President Biden’s administration has stopped the USA’s surging exports of gas, effectively pausing a string of planned projects that have been characterised by environmentalists as carbon ‘mega bombs’ that risk pushing the world further towards climate breakdown.
On 26 January, the White House announced that it was pausing all pending export permits for liquefied natural gas (LNG) until the Department of Energy could come up with updated criteria for approvals that consider the impact of climate change.
The pause, which will continue beyond November’s presidential election, could imperil the future of more than a dozen gas export terminals that have been planned for the Gulf of Mexico coast. But according to one analysis, if all proposed LNG projects were to go ahead and ship gas overseas, it will result in the emission of 3.2 bn tons of greenhouse gases – equivalent to the entire emissions total of the European Union.
A vigorous campaign by climate activists and local residents has pressed president Biden to curb the rapid growth of LNG exports, pointing to its contribution to global heating and the direct pollution suffered by surrounding communities. The pause will allow his administration to “take a hard look at the impacts of LNG exports on energy costs, America’s energy security, and our environment”. “This pause on new LNG approvals sees the climate crisis for what it is – the existential threat of our time,” Biden said, adding that Republicans who support ever-expanding fossil fuel infrastructure “wilfully deny the urgency of the climate crisis”.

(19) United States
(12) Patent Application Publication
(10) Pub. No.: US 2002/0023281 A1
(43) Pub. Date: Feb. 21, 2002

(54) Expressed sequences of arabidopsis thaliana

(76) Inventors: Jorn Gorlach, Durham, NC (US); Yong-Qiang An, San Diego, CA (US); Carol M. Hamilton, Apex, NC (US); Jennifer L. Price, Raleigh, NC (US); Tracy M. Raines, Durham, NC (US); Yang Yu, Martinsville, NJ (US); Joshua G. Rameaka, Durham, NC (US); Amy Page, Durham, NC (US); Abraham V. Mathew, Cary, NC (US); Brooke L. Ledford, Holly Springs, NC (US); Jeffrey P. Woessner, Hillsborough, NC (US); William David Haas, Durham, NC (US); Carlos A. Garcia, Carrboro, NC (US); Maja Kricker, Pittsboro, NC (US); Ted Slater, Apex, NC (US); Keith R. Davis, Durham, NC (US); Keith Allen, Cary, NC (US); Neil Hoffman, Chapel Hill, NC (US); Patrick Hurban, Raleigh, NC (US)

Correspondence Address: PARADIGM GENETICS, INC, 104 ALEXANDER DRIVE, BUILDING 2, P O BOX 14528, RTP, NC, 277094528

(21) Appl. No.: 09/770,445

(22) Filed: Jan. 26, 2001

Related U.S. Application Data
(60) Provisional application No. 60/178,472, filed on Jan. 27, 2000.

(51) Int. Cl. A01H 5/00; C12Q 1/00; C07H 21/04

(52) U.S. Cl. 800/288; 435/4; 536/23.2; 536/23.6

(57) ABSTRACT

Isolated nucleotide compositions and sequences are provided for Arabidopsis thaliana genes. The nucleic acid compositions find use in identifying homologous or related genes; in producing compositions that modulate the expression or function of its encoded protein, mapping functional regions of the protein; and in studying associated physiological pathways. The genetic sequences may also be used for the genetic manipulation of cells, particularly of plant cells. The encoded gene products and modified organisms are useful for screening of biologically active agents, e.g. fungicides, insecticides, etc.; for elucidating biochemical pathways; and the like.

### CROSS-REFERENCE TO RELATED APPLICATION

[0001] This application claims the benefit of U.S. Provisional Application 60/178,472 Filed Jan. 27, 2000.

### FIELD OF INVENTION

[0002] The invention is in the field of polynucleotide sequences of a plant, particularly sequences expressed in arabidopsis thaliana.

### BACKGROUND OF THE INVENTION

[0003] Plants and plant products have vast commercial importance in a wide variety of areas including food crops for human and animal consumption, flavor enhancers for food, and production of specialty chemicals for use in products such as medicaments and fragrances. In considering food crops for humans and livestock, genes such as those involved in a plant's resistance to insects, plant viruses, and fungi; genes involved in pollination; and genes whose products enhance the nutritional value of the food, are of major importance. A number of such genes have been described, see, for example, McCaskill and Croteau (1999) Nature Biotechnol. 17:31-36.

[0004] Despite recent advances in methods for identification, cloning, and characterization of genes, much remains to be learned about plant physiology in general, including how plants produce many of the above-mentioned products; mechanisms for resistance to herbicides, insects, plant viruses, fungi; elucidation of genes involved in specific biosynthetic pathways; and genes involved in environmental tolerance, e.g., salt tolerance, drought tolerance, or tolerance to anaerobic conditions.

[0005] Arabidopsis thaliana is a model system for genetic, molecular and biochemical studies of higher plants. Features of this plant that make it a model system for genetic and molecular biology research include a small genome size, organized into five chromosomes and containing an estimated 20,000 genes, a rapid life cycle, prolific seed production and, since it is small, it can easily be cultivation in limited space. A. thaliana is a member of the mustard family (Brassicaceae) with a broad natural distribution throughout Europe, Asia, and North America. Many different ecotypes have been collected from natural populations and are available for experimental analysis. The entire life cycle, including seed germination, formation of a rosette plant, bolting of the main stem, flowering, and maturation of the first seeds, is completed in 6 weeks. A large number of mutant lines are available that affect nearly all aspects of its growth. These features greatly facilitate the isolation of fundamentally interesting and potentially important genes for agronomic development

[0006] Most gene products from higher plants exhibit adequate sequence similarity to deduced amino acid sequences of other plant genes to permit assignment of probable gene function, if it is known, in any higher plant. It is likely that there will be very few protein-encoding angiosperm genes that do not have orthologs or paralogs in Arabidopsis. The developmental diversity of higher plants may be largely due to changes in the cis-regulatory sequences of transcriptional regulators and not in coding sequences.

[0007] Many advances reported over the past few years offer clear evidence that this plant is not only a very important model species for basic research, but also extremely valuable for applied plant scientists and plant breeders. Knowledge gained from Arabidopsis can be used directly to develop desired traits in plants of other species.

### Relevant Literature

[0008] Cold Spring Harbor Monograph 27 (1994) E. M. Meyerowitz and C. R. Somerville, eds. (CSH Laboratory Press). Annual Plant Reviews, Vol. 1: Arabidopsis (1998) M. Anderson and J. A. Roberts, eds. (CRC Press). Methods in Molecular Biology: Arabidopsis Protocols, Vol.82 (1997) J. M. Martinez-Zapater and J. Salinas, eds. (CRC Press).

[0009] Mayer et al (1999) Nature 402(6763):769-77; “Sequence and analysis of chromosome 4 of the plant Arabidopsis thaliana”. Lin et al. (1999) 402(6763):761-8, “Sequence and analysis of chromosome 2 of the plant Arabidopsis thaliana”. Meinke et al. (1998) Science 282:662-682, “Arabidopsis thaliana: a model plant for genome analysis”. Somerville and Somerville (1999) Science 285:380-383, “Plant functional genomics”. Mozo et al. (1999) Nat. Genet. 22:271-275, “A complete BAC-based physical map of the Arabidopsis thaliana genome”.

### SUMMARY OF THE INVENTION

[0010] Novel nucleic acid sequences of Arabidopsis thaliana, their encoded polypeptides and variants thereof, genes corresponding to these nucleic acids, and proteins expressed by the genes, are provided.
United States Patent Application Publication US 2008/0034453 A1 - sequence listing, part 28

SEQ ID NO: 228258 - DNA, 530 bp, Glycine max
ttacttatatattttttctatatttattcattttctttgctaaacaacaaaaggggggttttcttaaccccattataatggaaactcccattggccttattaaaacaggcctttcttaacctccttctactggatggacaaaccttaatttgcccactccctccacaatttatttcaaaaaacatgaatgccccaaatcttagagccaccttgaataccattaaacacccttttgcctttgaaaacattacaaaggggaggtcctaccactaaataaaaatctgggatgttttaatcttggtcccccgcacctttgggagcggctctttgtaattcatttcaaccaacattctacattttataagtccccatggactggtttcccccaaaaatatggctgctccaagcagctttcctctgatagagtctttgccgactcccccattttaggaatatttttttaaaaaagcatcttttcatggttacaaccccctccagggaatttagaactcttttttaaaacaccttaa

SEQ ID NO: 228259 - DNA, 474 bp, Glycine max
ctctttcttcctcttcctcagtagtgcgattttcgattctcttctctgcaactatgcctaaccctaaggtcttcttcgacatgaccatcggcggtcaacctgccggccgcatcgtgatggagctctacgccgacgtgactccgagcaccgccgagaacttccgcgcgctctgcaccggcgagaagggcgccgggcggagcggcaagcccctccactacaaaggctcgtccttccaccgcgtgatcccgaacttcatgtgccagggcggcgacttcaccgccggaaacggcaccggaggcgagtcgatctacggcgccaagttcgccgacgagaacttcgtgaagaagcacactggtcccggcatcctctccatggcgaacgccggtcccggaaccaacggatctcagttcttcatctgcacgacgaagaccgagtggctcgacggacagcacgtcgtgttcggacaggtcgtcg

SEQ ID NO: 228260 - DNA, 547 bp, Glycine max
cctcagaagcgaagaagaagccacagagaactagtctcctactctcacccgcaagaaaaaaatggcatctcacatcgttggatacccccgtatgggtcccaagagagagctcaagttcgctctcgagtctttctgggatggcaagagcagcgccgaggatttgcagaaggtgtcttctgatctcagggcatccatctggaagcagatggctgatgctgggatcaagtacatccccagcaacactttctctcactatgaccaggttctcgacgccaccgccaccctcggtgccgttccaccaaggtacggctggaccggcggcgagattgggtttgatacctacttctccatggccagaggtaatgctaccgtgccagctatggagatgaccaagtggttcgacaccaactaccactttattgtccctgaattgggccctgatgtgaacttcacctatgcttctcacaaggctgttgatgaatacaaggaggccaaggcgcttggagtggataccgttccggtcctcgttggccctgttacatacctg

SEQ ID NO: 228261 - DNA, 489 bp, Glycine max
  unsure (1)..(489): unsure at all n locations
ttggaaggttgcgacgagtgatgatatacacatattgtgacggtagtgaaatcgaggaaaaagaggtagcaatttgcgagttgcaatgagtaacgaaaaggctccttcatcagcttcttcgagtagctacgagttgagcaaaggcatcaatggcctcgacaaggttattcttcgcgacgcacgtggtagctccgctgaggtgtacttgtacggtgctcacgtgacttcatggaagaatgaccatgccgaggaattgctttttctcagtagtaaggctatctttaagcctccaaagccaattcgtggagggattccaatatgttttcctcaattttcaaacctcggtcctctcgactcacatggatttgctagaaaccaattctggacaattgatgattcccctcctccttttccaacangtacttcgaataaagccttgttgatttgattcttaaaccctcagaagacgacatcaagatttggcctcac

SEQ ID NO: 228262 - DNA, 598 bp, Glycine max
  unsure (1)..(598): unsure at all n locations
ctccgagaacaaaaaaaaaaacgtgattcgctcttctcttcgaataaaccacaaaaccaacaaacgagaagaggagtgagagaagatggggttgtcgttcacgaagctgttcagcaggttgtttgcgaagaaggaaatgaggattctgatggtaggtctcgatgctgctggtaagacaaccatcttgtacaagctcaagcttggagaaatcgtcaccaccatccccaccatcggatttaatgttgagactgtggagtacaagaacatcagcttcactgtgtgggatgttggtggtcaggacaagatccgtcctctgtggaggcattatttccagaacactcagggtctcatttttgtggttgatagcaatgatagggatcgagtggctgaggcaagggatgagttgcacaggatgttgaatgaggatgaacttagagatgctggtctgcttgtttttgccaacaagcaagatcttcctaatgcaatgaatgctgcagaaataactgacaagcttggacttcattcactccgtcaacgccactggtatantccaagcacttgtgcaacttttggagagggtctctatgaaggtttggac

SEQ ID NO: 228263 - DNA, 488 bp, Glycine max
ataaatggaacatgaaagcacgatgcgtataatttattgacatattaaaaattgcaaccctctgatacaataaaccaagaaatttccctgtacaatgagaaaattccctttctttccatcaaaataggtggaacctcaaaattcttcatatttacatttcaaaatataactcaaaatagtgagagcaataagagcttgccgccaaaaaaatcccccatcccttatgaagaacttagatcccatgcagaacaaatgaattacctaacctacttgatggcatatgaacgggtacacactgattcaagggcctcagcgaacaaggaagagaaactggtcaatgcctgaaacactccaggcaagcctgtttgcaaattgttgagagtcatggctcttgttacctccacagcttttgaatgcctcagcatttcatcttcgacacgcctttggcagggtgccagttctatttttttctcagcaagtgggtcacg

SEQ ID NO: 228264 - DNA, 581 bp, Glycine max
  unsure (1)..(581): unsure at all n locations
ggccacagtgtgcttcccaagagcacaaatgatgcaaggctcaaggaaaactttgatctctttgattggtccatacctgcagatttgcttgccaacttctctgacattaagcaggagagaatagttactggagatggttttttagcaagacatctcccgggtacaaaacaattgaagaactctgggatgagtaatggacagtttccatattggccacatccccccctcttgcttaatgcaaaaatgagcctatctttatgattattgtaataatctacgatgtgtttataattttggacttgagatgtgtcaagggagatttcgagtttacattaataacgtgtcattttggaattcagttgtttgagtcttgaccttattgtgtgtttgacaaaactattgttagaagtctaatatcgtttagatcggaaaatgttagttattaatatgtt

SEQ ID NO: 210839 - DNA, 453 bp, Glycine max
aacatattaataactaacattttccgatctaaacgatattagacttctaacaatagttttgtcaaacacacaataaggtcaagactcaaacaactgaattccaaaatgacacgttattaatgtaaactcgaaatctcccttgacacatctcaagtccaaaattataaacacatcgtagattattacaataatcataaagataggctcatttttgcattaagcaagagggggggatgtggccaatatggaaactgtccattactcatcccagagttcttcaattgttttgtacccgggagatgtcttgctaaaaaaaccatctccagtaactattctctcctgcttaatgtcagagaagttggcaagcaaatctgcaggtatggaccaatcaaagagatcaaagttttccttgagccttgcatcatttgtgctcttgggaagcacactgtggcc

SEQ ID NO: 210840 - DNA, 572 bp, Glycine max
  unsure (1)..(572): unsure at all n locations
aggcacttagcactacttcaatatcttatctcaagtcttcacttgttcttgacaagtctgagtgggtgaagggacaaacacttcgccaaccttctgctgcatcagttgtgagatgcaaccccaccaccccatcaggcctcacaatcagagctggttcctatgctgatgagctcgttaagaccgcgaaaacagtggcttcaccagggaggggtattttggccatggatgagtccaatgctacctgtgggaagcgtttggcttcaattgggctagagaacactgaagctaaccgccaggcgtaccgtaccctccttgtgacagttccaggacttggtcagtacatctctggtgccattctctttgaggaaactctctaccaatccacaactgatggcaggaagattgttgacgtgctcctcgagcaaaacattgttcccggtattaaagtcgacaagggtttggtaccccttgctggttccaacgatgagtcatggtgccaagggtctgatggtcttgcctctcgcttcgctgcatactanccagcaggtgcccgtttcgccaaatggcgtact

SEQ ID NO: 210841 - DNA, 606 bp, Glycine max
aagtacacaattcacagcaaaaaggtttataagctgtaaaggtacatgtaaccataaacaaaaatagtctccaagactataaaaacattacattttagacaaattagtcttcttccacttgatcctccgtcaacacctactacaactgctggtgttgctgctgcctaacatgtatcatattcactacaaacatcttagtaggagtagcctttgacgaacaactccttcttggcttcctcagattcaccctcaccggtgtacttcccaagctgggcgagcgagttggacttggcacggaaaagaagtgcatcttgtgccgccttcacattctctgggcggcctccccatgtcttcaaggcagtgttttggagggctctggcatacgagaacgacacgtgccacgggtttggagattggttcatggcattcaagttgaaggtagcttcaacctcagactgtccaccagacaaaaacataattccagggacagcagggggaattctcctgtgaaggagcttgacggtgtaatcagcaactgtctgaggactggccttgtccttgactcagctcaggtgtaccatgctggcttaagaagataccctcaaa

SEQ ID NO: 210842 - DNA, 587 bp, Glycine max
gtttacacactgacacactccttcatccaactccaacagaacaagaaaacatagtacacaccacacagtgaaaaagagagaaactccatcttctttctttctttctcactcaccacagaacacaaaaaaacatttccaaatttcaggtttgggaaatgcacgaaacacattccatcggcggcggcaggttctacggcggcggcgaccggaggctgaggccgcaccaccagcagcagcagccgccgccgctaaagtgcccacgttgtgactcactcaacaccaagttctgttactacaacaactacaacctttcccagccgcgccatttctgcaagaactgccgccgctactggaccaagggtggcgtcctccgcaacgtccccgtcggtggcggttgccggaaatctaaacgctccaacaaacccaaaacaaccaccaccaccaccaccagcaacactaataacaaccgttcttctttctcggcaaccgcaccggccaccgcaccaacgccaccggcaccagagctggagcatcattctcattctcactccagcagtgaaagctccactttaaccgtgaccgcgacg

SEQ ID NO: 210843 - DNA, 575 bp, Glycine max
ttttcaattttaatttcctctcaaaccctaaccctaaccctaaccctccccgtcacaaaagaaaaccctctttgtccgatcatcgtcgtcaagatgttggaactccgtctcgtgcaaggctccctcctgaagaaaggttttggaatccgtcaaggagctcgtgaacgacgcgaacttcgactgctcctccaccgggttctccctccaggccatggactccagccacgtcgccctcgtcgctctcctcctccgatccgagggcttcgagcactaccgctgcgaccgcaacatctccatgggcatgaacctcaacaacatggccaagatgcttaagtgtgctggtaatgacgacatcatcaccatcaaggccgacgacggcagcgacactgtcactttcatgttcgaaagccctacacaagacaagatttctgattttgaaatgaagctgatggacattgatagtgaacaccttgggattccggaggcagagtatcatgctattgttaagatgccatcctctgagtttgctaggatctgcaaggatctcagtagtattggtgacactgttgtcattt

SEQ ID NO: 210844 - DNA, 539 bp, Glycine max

The halt on permits isn’t absolute – the White House said exceptions would be made for “unanticipated and immediate national security emergencies” and that its allies in Europe will continue to receive the gas they need to help reduce dependence upon Russia, following its invasion of Ukraine.
But activists hailed the decision as a landmark victory that showed the climate crisis will no longer be ignored in previously routine decisions to allow oil and gas projects to proceed. “This announcement … is a powerful statement that we can no longer allow these industries to continue operating without considering the health and safety of the people living in these areas,”said Roishetta Ozane, an activist in Louisiana, where much of the LNG buildout is happening.
Meanwhile others promised to continue pushing the Biden administration to go further. “This is a bold and important step from president Biden, but the fight is just beginning,” said Lukas Ross, climate and energy deputy director at Friends of the Earth. “The climate movement is in this fight for the long haul until the LNG boom is stopped dead in its tracks.”
The US started exporting gas only in 2016 but is now the largest such exporter in the world, with a boom of new export terminals and pipelines sprouting up on the Gulf of Mexico coast. A planned facility in Louisiana, called Calcasieu Pass 2 (or CP2), would be one of the largest in the world, shipping 24m tons of gas a year once built.
Supporters of the industry, including Donald Trump, contend that exports aid countries in Europe, create jobs and help displace coal, a dirtier fuel, as an energy source overseas. A coalition of oil and gas industry groups has written to the Biden administration to complain a pause would “only bolster Russian influence” and risk American jobs.
However, various analyses have shown much of the gas is not bound for European allies and that the surging exports have pushed up domestic gas prices for Americans. By some measures LNG can be seen as an even bigger carbon polluter than coal, a recent scientific paper argued, when leaking emissions of methane, a potent greenhouse gas, from the drilling, transport and shipping of the commodity are taken into account.